ALBUQUERQUE, N.M. (AP) — A “paramilitary response” by police in New Mexico unnecessarily escalated an encounter last year that ended when two officers unlawfully opened fire and killed a homeless man despite signs that he wanted to surrender, a special prosecutor said Monday.
The two Albuquerque officers charged with murder in the death of James Boyd came to the scene with the intent of attacking him, Special Prosecutor Randi McGinn asserted at a preliminary hearing to decide if the officers should stand trial.
“What was the crime that prompted this paramilitary response? It was not a terrorist act. It was illegal camping,” McGinn said during his opening statement at the hearing for Officer Dominique Perez and former Detective Keith Sandy.
In their opening statements, defense attorneys said their clients did nothing wrong and both felt the lives of their fellow officers were in danger. The prosecutor said the shooting occurred after 19 officers armed with a total of more than 700 rounds of ammunition surrounded Boyd for camping illegally in the foothills of the Sandia Mountains.
Boyd, 38, suffered from paranoid schizophrenia, had two pocket knives and was gathering his belongings when Perez and Sandy fired three rounds each, McGinn said. “They created the danger. It was not Mr. Boyd who came at them,” McGinn told the judge at the hearing expected to last a week.
Boyd was shot during the March 2014 standoff and later died at a hospital after his arm was amputated. Video of the encounter showed him appearing to surrender before Perez and Sandy opened fire. Authorities have said he threatened officers with the two knives.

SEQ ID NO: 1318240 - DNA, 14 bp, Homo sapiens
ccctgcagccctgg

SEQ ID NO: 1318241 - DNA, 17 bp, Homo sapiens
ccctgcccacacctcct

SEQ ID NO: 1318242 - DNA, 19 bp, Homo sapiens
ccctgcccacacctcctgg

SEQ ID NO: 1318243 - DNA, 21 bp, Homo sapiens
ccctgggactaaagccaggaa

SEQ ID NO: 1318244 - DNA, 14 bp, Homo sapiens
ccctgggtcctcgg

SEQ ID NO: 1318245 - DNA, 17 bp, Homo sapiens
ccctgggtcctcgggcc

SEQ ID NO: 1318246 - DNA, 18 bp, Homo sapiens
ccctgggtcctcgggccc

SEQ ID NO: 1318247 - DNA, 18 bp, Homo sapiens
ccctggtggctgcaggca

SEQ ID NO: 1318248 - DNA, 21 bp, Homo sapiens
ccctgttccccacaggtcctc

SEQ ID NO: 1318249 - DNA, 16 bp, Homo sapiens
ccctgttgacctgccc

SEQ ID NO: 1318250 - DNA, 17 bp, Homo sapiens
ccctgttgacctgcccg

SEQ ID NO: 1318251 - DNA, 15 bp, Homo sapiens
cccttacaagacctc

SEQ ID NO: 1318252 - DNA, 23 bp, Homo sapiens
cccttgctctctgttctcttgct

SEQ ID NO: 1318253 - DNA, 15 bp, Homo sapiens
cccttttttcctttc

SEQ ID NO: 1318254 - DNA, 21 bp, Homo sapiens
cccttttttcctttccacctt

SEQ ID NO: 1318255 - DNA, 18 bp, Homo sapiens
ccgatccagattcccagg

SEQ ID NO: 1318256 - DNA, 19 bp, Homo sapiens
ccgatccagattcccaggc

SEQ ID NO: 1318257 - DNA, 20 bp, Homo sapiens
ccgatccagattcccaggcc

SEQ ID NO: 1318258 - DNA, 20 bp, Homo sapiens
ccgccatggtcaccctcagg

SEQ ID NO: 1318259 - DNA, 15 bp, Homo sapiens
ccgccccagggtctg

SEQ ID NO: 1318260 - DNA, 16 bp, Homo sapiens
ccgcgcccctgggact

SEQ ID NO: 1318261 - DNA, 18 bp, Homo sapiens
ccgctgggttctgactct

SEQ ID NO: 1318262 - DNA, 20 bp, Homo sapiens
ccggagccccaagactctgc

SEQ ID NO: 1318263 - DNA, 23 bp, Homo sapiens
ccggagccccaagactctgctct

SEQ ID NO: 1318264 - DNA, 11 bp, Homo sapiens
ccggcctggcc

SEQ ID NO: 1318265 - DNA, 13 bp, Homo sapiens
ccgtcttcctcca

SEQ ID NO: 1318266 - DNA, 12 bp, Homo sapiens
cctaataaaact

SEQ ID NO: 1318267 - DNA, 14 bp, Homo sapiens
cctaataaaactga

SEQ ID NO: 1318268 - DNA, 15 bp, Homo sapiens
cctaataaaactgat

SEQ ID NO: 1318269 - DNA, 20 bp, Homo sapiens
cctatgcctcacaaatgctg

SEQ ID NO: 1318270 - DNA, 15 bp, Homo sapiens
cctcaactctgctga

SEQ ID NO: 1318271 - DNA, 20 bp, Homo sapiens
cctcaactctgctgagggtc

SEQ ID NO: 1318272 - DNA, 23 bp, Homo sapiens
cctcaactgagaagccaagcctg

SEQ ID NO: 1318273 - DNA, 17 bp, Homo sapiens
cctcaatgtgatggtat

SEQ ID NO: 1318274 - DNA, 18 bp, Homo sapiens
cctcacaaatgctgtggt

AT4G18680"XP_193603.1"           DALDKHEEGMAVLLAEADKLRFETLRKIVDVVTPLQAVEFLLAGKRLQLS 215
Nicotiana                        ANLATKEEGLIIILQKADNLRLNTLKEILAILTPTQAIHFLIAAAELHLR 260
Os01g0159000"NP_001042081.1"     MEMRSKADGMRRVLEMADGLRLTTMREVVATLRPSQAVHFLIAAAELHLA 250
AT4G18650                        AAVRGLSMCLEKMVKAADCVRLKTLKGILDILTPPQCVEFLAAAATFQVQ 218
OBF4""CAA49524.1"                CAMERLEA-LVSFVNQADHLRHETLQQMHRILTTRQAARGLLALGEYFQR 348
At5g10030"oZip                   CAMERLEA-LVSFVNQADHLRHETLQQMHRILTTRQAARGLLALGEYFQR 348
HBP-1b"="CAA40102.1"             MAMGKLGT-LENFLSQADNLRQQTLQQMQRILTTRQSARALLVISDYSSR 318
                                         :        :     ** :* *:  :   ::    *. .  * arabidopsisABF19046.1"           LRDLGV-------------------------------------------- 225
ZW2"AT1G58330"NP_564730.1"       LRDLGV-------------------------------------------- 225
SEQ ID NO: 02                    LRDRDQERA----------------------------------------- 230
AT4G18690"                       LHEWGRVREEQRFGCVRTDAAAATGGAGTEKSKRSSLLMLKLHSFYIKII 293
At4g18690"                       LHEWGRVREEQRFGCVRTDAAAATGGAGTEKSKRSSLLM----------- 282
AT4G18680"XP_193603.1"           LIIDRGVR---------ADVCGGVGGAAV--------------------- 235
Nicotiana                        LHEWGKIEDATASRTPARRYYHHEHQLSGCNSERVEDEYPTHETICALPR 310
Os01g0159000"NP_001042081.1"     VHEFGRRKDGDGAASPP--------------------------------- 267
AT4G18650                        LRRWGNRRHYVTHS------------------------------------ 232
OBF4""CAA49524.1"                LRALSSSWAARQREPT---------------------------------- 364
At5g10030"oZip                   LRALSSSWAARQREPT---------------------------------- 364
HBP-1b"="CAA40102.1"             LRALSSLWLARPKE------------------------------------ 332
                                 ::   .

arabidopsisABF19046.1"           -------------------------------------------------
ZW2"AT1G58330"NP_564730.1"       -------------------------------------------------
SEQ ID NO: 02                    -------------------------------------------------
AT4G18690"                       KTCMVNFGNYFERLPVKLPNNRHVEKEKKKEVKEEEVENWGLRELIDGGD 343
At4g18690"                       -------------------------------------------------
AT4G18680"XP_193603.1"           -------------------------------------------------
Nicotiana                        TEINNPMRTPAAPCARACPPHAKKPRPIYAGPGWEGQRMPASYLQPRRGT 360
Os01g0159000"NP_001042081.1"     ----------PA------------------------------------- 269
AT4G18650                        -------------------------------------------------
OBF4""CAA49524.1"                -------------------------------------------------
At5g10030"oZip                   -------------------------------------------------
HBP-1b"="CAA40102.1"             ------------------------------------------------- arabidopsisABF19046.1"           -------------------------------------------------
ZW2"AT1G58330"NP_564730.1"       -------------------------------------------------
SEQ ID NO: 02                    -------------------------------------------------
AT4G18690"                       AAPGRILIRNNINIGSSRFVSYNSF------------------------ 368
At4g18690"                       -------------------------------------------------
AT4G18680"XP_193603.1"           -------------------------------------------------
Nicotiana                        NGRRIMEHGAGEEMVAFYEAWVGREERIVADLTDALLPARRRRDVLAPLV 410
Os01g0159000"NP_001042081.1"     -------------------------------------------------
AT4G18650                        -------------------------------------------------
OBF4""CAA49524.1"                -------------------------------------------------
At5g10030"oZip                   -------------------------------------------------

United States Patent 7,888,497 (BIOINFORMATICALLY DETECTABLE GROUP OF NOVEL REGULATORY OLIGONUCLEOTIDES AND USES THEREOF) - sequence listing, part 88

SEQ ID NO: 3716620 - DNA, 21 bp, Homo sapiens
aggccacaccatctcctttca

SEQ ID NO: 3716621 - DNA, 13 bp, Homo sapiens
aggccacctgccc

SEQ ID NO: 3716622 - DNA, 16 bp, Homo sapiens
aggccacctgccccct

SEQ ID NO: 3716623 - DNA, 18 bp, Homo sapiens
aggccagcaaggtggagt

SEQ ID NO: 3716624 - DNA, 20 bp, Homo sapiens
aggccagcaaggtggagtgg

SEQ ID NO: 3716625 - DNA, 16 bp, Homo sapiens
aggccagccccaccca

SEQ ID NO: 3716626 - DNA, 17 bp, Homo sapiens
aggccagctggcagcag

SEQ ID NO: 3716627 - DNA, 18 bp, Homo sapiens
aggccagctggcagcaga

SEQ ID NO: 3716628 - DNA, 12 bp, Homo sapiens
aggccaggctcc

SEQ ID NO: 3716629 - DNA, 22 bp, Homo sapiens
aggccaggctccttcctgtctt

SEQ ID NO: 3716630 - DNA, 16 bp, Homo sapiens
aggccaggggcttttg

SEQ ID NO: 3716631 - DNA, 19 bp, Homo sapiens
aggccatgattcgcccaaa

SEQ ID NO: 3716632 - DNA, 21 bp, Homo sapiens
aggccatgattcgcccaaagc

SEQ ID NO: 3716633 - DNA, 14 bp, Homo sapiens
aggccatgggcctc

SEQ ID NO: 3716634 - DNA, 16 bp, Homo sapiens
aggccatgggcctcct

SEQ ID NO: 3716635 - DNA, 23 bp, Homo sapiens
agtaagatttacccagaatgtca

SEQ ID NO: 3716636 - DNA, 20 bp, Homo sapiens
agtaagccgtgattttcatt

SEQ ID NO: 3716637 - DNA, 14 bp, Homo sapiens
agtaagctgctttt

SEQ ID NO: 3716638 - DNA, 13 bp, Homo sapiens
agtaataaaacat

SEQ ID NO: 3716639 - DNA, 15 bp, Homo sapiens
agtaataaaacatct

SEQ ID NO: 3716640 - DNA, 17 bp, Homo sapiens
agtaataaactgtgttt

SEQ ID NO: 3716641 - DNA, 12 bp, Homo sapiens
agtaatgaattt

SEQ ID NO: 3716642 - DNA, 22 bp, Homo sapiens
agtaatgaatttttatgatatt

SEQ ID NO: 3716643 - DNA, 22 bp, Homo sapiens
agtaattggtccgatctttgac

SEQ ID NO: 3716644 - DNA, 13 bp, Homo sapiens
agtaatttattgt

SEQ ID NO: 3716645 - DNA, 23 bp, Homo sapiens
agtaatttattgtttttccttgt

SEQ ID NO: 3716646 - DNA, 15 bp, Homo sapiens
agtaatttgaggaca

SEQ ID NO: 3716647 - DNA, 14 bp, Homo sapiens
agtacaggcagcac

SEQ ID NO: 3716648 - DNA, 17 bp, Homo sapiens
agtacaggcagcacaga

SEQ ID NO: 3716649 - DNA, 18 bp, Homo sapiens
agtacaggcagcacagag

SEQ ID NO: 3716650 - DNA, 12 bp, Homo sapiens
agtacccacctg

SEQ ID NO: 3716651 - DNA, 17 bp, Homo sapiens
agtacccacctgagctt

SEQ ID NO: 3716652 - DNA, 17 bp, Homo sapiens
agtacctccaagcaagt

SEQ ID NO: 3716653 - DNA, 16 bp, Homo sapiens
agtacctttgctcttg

The shooting generated angry protests around Albuquerque that closed City Hall and sparked a cyberattack on city websites. Boyd’s death came amid a wave of police shootings in Albuquerque and just before the U.S. Justice Department issued a harsh report into use of excessive force by the Albuquerque Police Department.
There have been more than 40 police shootings in Albuquerque since 2010. A federal judge recently approved an agreement between the city and the Justice Department to revamp police policies and assign a federal monitor to make sure changes are made.
Albuquerque Police Chief Gorden Eden testified at Monday’s hearing that all officers were trained on the department’s use of force policies. However, under cross-examination, he said officers should follow the law instead of the policies in case of a conflict.
Eden had been in the job less than two weeks at the time of the Boyd shooting. Both sides also replayed a number of video clips from the standoff and the shooting to show how officers were responding to Boyd.
In one clip played Sandy is heard telling a state police sergeant that he was going to “shoot (Boyd) with a Taser shotgun here in a minute” and called Boyd a “lunatic.” The Boyd case is not about 700 rounds of ammunition or the policies of Albuquerque police, said defense attorney Sam Bregman, who is defending Sandy.
Instead, it’s about two officers facing murder charges in the justified shooting of “a crazy man with two knives,” Bregman said. “I’m surprise (prosecutors) didn’t argue that Mr. Boyd would have been justified to stab” officers, the lawyer said.
Bregman said Sandy’s comment about Boyd may have not been politically correct but was “factually correct.” Luis Robles, a lawyer for Perez, said offices gave Boyd a number of chances to surrender and accept help hours before the shooting.
“But Mr. Boyd would have none of that,” Robles said. Boyd was responsible for the shooting because officers had no choice except to open fire after he made threatening move, Robles said. Perez, a SWAT team member, and Sandy are the first officers that Bernalillo County District Attorney Kari Brandenburg has charged with murder.
State District Judge Alisa Hadfield in April disqualified Brandenburg or anyone in her office from prosecuting the case and ordered her to appoint a special prosecutor. The judge determined an ongoing dispute between Brandenburg and Albuquerque police over a bribery investigation involving Brandenburg created a conflict of interest.
New Mexico Attorney General Hector Balderas later decided not to seek charges against Brandenburg.